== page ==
‘Don’t be shy to ask for help, young farmers. Don’t google!” – SUSAN VAN DER MERWE

Van der Merwe has no problem admitting where she falls short. She recently realised that she is in too much of a hurry to start picking the cotton after spraying defoliation chemicals. She is supposed to wait until the cotton has peeled open and is completely ripe before she starts picking.

“I think I should rather drive somewhere and then come back after two or three weeks. Because the whiter that cotton gets, the more my hand starts itching to pick them. Later on I see that I lost the balls (of cotton). So, I should rather calm down and go on holiday,” the farmers says jokingly.

Cultivating cotton from the ground up

Susan loves every stage of the cotton production cycle, but reckons the industry is not for the faint hearted.

Van der Merwe recollects nostalgic days in her girlhood in which she would find herself mindlessly staring at the snow white buds. At times, her young body would maneuver through the cotton blocks to get to where her dad was working. However, never did she realise the amount of effort behind the entire production process.

“A cotton plant and a turkey are very similar for me. It’s a very nerve-wracking process from when you plant the seed to when it finally comes out. Once it’s out and the petals show, it grows very quickly thereafter,” Van der Merwe states.

She says the same goes with turkeys: after two to three weeks of the bird hatching, one struggles to keep it alive because they are so fragile. However, after that she says the turkey grows terribly fast.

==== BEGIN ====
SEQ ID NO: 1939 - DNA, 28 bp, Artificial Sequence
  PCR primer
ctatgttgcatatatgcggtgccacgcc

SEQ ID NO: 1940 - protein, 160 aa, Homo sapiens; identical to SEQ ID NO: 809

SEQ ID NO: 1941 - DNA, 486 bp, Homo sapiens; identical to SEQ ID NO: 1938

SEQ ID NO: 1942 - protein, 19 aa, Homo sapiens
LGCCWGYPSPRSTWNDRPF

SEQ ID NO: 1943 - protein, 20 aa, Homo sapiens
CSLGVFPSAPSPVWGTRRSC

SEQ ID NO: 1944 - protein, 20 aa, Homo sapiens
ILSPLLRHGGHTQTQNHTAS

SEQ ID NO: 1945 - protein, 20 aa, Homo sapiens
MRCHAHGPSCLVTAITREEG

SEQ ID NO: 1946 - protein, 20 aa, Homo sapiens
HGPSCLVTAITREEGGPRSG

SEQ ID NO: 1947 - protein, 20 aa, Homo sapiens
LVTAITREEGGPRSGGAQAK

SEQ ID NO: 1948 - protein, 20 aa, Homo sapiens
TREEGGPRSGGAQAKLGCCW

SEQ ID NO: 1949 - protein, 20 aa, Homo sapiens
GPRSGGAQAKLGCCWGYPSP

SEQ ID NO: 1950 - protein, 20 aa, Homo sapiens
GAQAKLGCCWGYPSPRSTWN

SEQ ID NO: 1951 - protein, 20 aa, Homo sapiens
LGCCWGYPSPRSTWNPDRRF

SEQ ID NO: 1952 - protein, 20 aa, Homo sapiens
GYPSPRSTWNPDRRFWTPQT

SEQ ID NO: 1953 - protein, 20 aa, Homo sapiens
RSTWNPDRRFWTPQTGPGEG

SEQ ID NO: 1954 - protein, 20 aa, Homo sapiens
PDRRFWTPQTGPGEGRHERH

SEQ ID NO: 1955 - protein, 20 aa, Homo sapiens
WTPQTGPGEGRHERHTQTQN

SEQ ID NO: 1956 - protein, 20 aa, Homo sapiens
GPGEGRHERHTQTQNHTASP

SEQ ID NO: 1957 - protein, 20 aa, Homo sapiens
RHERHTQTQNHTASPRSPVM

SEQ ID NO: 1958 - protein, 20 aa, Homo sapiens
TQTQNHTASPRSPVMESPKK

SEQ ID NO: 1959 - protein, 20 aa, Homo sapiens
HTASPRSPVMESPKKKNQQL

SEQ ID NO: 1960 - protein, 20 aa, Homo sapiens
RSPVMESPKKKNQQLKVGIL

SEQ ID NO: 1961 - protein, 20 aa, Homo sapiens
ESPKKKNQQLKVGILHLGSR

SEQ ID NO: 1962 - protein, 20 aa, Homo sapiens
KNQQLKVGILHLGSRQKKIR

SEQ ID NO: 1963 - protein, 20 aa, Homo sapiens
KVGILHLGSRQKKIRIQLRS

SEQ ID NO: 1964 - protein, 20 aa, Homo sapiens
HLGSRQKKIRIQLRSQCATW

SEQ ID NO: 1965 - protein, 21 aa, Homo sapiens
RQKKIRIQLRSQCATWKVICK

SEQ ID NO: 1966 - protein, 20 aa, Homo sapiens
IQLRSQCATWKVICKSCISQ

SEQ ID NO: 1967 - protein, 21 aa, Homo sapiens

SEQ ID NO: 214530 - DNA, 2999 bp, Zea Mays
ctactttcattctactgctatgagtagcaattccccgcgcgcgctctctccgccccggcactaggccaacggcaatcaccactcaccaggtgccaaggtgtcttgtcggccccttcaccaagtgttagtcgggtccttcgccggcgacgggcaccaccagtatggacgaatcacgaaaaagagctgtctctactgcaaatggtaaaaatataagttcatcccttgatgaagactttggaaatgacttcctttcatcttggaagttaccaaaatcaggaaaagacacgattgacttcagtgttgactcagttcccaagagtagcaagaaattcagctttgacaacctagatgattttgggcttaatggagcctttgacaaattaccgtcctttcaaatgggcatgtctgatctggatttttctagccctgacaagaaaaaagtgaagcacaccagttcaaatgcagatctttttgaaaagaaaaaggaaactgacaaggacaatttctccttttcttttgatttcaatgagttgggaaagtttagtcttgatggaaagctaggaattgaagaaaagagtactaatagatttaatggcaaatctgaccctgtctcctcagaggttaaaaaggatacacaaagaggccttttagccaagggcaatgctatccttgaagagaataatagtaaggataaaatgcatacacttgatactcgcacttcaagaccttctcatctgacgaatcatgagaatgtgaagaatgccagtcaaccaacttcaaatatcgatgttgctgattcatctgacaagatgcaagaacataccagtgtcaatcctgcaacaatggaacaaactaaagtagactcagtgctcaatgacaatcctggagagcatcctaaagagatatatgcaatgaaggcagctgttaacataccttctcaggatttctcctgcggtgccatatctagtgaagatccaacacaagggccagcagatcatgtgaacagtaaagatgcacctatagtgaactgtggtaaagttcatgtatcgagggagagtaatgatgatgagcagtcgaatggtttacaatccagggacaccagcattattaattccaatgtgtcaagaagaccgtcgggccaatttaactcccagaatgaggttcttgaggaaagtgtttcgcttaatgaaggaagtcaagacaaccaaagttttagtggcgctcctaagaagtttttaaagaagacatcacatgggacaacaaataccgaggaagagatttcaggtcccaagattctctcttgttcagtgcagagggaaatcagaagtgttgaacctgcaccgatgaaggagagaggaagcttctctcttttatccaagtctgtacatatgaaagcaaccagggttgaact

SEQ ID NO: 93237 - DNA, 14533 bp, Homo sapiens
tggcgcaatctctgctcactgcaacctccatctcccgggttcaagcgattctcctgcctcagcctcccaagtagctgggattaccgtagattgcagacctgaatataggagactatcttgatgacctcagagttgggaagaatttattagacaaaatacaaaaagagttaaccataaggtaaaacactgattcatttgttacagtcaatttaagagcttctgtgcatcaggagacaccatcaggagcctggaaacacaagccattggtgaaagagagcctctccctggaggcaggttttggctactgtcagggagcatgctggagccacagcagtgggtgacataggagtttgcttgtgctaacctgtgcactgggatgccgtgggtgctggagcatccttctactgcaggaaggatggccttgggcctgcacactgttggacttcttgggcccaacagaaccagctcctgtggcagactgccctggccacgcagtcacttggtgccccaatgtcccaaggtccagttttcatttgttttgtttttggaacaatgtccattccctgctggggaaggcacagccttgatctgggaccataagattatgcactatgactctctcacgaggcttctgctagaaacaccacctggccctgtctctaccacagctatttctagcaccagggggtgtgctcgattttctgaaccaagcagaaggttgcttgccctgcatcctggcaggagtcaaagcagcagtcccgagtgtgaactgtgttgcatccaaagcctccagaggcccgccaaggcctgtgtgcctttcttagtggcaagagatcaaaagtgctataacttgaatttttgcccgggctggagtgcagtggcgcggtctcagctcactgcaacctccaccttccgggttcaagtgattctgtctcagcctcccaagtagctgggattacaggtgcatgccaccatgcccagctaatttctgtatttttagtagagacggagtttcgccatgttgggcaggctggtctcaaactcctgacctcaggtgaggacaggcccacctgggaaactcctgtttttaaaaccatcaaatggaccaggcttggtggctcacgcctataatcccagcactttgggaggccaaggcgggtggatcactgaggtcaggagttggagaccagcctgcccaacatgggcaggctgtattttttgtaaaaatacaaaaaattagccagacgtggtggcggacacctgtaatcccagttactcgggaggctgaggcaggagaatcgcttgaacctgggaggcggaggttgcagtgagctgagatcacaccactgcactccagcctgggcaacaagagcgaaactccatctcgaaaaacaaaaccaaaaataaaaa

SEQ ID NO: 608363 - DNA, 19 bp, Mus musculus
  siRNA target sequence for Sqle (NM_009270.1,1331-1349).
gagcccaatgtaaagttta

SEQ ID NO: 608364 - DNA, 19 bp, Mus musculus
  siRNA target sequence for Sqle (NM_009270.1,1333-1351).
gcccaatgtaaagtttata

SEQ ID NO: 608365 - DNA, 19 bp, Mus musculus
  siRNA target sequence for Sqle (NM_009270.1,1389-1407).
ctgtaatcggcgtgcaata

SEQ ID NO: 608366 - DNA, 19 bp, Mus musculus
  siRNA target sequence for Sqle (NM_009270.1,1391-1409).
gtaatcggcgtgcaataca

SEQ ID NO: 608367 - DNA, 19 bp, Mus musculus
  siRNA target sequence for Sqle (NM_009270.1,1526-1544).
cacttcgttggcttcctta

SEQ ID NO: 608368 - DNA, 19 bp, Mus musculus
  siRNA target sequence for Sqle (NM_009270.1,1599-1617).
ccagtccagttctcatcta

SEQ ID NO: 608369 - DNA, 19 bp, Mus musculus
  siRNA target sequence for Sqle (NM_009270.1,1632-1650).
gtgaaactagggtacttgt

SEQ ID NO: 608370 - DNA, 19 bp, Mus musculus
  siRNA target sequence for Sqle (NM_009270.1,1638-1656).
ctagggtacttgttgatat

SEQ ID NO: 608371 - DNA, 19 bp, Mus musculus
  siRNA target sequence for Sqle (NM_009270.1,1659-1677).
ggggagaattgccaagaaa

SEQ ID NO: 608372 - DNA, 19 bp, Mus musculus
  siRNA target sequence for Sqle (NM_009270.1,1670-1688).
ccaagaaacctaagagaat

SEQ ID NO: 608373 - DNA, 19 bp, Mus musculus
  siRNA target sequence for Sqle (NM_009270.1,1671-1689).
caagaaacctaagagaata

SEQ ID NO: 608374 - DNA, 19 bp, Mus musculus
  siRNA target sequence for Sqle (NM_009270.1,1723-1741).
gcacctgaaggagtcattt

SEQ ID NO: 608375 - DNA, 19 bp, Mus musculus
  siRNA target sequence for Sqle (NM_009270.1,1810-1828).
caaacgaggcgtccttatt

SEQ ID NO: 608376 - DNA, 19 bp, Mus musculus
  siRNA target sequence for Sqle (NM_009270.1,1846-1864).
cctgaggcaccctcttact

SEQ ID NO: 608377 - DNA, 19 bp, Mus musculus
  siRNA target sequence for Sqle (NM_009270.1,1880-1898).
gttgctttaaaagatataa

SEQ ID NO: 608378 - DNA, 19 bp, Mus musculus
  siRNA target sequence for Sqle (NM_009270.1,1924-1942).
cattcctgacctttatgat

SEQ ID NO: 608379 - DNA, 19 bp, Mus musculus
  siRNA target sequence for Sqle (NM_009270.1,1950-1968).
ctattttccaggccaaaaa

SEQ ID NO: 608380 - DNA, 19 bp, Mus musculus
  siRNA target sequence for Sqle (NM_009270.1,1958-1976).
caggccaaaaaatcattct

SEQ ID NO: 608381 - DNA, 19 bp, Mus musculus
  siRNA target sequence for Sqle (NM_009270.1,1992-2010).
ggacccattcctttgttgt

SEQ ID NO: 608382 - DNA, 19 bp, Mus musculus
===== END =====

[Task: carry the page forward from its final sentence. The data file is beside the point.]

“I enjoy seeing how the cotton plant grows, develops and all the other stages it goes through,” Van der Merwe explains.

She reckons it is a demanding process, but is comforted knowing that after all the hard work she will be able to watch over her land covered in white gold. How could she not when her profession brings her so much joy.

PIctured: Susan's husband, Schalk who is in charge of all the mechanical work on the farm. Photo: Supplied.
Susan van der Merwe’s husband, Schalk, who is in charge of all the mechanical work on the farm. Photo: Supplied

‘My steps have been guided by the Lord’

The seasoned farmer may have inherited the land she works today, but she does not want young, new farmers to be confused and assume that her journey has been easy. She says cotton needs a watchful eye and one can’t plant today and expect to harvest tomorrow. “Firstly, they must know that my steps have been guided by the Lord.

“Secondly, don’t be shy to ask for help, young farmers. Don’t google!” she exclaims. “I would rather ask a farmer who has been farming for years and has a lot of experience than read a cotton handbook. It’s up to you whether you’re going to use the advice or not,” Van der Merwe says.

The cotton pruducer is content with her farming journey and says she is at peace.

“I have already done everything I wanted to do. There is nothing new I want to do. I’m just waiting for the Lord to decide when it’s my time to leave the earth. I think a farmer is very close to the Him, but I think I am a little closer to Him because I’m a woman,” she laughs.

Duncan Masiwa
Duncan Masiwa
DUNCAN MASIWA is a budding journalist with a passion for telling great agricultural stories. He hails from Macassar, close to Somerset West in the Western Cape, where he first started writing for the Helderberg Gazette community newspaper. Besides making a name for himself as a columnist, he is also an avid poet who has shared stages with artists like Mahalia Buchanan, Charisma Hanekam, Jesse Jordan and Motlatsi Mofatse.